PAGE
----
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Copenhagen, Capital Region of Denmark,

LisaLise offers custom cosmetics and formulations using predominately plant-based ingredients

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A look inside the LisaLise lab with product how-to's, tips, sneak peeks, and more.

Filtering by Category: Product Development

Developing and Testing Solid Lotion Bars



These may look like a small collection of pebbles but they are a few of the solid lotion bars I have been developing and testing for a while now. The source of different colors is the carrier oils, essential oils, butters, and waxes used.

Although the base ingredients are somewhat similar in each of these, each bar has a different scent and feel. By tweaking the proportions of the ingredients in a lotion bar, it is possible to create an entire array of tactile differences. Glide, slip, skin feel, and fragrance appeal - everyone has their own preference and needs.

As time has passed I find myself grabbing the yellowish bar as often as I reach for a lip balm, while the white bar has become my go-to for legs and feet. The green bar is an all-over body favorite when my skin is feeling extra dry.

As the green beauty revolution moves forward and we all look to more climate friendly solutions, I predict a growing interest in solid lotions of all kinds.

Botanical Bath



Maybe it’s not quite fair to label this picture ‘botanical bath’ as there are more minerals than botanicals pictured here. Nonetheless, that modest portion of powdered rose is the star ingredient of this bath product under development and therefore allowed to dominate.

It is the rose that adds color (the first thing we notice), a touch of all natural scent (the first thing we check for) and the skin pampering extra boost this bath product is going to offer.

Strengthening the Star Ingredient

It is not too difficult to further bring out rose’s star qualities by including a carefully combined blend of essential oils in a base that will disperse evenly in the bath and work well with the dry ingredients. Adding rose essential oil to a bath product may seem like a crazy-expensive luxury, but there are ways to ‘extend’ and ‘strengthen’ rose’s fabulous floral fragrance. By combining rose essential oil with essential oils that won’t break the budget (geranium is one option), it is possible to create an all-natural botanical bath to delight both the nose and skin.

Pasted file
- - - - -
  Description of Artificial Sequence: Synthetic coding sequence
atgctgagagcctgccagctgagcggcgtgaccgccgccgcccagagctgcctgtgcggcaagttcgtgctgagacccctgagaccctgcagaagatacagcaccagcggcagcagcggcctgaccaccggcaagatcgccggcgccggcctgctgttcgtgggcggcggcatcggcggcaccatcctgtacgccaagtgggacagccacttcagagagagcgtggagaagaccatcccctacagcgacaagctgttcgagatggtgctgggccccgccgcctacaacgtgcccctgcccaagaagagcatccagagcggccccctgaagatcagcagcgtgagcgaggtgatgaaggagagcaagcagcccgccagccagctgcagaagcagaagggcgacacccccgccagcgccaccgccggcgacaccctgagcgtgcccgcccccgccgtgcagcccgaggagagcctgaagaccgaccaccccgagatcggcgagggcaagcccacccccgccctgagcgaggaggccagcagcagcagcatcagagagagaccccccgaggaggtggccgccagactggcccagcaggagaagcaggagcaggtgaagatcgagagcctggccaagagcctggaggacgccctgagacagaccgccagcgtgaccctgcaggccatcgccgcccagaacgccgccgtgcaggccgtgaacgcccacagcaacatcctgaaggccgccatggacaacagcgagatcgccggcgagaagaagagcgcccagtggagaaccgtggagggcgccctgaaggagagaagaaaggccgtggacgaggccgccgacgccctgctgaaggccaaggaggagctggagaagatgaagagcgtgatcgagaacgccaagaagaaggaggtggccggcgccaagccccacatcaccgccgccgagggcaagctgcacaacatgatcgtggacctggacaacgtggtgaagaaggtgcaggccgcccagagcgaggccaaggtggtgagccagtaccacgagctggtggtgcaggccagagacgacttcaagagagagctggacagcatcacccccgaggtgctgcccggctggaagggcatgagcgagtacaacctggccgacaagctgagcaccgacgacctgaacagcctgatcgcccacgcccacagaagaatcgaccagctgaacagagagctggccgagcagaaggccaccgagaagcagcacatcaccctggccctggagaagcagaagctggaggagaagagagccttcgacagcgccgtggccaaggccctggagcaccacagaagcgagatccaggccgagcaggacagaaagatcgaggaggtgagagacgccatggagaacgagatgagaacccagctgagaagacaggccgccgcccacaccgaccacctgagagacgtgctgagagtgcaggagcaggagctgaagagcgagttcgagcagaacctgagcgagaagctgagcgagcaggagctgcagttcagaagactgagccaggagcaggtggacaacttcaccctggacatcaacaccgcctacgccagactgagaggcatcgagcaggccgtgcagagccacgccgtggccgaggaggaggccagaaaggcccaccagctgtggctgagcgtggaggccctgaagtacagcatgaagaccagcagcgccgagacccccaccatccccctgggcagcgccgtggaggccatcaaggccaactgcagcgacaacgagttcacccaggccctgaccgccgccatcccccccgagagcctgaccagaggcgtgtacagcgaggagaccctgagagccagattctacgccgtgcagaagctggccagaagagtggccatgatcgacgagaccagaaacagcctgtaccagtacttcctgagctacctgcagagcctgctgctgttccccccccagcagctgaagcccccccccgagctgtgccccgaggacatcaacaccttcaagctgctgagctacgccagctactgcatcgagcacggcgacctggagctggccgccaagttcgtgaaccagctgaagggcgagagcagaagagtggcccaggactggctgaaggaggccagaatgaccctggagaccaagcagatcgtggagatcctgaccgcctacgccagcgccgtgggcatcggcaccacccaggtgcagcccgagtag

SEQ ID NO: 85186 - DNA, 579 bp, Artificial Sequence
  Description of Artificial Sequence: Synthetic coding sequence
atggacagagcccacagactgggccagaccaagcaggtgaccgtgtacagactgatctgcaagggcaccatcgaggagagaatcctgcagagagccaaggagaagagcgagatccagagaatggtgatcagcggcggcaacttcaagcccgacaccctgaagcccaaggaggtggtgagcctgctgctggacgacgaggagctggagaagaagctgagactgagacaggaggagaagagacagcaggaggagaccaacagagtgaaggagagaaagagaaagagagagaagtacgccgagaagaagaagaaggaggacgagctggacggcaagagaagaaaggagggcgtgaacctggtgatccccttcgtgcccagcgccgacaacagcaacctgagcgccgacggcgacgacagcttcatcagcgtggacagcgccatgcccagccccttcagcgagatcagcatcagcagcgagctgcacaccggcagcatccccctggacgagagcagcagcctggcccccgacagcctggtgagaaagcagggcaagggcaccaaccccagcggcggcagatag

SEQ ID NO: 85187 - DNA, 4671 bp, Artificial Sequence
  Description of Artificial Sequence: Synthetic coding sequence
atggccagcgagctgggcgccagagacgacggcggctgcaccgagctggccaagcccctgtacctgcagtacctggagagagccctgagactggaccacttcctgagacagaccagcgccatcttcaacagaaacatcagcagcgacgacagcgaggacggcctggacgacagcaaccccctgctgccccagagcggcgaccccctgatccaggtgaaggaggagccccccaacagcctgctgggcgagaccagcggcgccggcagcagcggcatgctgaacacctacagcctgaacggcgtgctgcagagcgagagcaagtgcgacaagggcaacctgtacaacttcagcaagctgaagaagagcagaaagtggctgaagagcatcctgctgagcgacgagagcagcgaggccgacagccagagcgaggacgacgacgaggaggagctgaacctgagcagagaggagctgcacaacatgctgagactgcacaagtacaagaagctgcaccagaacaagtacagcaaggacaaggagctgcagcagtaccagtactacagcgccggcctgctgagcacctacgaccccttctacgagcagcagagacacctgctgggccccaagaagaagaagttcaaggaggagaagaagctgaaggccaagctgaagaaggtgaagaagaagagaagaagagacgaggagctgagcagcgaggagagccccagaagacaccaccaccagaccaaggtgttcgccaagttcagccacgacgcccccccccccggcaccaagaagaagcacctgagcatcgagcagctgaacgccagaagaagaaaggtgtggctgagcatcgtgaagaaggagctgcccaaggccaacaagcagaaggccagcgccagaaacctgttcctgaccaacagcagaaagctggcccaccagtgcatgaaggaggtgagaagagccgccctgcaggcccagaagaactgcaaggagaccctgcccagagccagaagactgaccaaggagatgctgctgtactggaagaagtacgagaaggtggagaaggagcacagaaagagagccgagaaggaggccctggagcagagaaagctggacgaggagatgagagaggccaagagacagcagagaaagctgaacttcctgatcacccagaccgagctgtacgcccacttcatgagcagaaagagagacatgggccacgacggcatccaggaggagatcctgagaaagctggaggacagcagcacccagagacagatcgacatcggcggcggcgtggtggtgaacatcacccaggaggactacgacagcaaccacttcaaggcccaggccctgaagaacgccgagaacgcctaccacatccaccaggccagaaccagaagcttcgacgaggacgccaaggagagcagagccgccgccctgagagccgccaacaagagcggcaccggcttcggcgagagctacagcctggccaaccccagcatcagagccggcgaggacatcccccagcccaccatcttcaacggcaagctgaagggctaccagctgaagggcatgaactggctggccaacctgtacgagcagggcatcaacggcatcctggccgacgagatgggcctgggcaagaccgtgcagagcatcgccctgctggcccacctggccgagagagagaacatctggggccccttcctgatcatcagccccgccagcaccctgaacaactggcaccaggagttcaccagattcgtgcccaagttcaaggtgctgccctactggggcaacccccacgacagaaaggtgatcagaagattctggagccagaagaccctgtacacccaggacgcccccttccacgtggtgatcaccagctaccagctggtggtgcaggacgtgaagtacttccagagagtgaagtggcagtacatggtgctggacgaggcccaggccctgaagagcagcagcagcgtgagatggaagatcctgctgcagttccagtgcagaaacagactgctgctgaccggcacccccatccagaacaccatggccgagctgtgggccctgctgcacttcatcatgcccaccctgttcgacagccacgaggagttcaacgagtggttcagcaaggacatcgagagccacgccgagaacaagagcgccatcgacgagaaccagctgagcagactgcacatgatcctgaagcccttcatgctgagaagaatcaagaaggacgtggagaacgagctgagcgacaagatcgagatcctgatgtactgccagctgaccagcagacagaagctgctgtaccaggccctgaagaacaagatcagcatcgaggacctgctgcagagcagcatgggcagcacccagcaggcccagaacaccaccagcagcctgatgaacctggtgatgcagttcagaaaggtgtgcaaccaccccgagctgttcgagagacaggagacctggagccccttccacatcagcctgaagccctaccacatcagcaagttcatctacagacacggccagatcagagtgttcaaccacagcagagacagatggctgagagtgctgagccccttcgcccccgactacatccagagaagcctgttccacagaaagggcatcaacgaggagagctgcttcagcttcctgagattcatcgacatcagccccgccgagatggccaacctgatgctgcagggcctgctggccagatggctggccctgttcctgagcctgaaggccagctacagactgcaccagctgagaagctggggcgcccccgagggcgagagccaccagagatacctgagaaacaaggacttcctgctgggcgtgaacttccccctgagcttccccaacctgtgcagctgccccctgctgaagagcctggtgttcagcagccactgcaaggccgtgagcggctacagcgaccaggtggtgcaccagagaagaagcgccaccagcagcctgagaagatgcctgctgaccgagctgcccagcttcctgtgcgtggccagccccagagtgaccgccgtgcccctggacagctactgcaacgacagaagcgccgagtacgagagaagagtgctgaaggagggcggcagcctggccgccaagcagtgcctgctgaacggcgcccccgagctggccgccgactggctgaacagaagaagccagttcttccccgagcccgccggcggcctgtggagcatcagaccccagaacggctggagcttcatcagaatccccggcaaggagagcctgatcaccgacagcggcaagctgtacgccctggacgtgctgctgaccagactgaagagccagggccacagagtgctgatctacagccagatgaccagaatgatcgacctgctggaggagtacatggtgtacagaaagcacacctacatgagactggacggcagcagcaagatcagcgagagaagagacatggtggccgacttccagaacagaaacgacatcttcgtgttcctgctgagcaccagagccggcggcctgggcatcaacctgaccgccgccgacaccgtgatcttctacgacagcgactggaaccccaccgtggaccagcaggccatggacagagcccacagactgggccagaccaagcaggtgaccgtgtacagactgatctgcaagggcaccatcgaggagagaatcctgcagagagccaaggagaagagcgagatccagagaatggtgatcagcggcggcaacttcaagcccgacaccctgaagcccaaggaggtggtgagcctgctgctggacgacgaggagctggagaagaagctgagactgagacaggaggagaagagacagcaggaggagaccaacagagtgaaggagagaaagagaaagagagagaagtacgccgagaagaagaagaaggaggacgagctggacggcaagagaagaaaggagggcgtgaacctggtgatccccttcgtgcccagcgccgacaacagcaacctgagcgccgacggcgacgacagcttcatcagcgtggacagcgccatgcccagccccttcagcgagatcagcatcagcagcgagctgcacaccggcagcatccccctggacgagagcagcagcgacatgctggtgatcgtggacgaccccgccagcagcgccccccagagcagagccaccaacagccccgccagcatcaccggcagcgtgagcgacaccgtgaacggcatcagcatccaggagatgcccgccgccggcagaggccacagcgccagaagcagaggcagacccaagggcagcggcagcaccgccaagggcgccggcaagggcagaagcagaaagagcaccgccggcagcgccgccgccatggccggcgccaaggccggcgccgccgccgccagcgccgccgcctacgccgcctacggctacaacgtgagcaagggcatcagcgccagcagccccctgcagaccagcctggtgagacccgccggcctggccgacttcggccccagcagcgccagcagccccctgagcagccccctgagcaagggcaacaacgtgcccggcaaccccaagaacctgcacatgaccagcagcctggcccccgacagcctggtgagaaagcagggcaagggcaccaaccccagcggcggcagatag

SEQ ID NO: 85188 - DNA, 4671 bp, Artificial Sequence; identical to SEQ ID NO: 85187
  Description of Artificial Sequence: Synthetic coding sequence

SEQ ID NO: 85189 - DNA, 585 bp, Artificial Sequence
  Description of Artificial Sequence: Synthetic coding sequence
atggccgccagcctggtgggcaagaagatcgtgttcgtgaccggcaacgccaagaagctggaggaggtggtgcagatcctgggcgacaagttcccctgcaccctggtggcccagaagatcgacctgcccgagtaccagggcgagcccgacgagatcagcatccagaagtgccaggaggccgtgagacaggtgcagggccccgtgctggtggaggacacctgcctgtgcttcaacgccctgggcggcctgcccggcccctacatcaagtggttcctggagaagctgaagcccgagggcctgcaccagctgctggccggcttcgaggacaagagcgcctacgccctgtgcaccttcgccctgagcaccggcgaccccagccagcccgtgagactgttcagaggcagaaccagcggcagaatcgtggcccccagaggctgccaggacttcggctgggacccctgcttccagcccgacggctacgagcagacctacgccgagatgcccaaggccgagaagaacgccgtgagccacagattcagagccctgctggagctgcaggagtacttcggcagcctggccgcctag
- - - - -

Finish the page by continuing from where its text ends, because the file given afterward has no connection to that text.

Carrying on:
Testing Solubility



I’ve been making and testing numerous formulas and ingredients that have to do with essential oils this year.

A lot of this came about when I was asked to put together and teach a course for Tisserand Institute. (The course – Essential Formulation – is closed now but will be offered again in 2020).

The Institute made me aware of how many people are under the mistaken understanding that essential oils can safely be added directly to a bath - that they will somehow ‘dissipate’ all by themselves into the water. But as we all know, oil and water don’t mix and essential oils are, well, oils.

So that’s what I’ve been working on: getting essential oils to play nice with water – preferably without too terrible much fuss. The keyword here: solubility. Making oils solubilize into water seamlessly.

Sounds more straightforward than it is, but this kind of work is my kind of fun!

Do Essential Oils and Honey Mix?



As I have been knee deep in formulating specifically with essential oils since the end of last year, and am addicted to making infusions of all types, this was a question that popped into existence all by itself one day: testing whether infusing honey with essential oils was at all possible.

Pictured above: the first attempt. A ‘dollop’ of raw honey was ‘introduced’ to bit of essential oil (I’d have to check my notes for exact amounts, but speaking from memory, it was 2/3 honey to 1/3 oil). The little cup you see above was the test vessel. After adding the essential oils, it was covered with a cling-type film and left to stand at room temperature.

Within 48 hours there was visible result. Find the rest of this story on the main blog.

Piri Piri Chili Balm



This is a balm with piri piri chili - created specifically for the purpose of testing whether or not it can relieve pain. Capsaicin (the active ingredient in chilis) is showing some impressive pain-relieving results in scientific tests, and that was enough to get me curious about trying out if it were possible to create a soothing balm using chili-infused oil as one of the ingredients.

Piri piri chili is one of many chilis I am working with at the moment, and the scoville units in the LisaLise lab have been off the charts high, but I’m getting a bit ahead of myself.

If you want to read the initial feedback from my tester group using this balm, please visit the main blog right here.

Playing With Clay



Pictured: illite clay in 2 colors. It is quite common to confuse the different types of cosmetics clays, and it’s quite understandable. Clays are not always correctly labelled and even a distributor can be (unintentionally) misinformed by a supplier.

After a fair bit of research and digging, I’ve procured some real Brazilian clay and will be adding it to the collection on this mini-guide to cosmetic clays. as soon as I finish testing (read: playing around with) it.

Meantime, there will be quite a bit of clay playing going on at the Essential Formulation course I am currently teaching at Tisserand Institute. Creating facial masks is lesson 7 and I am looking forward to it immensely.

Let the clay begin!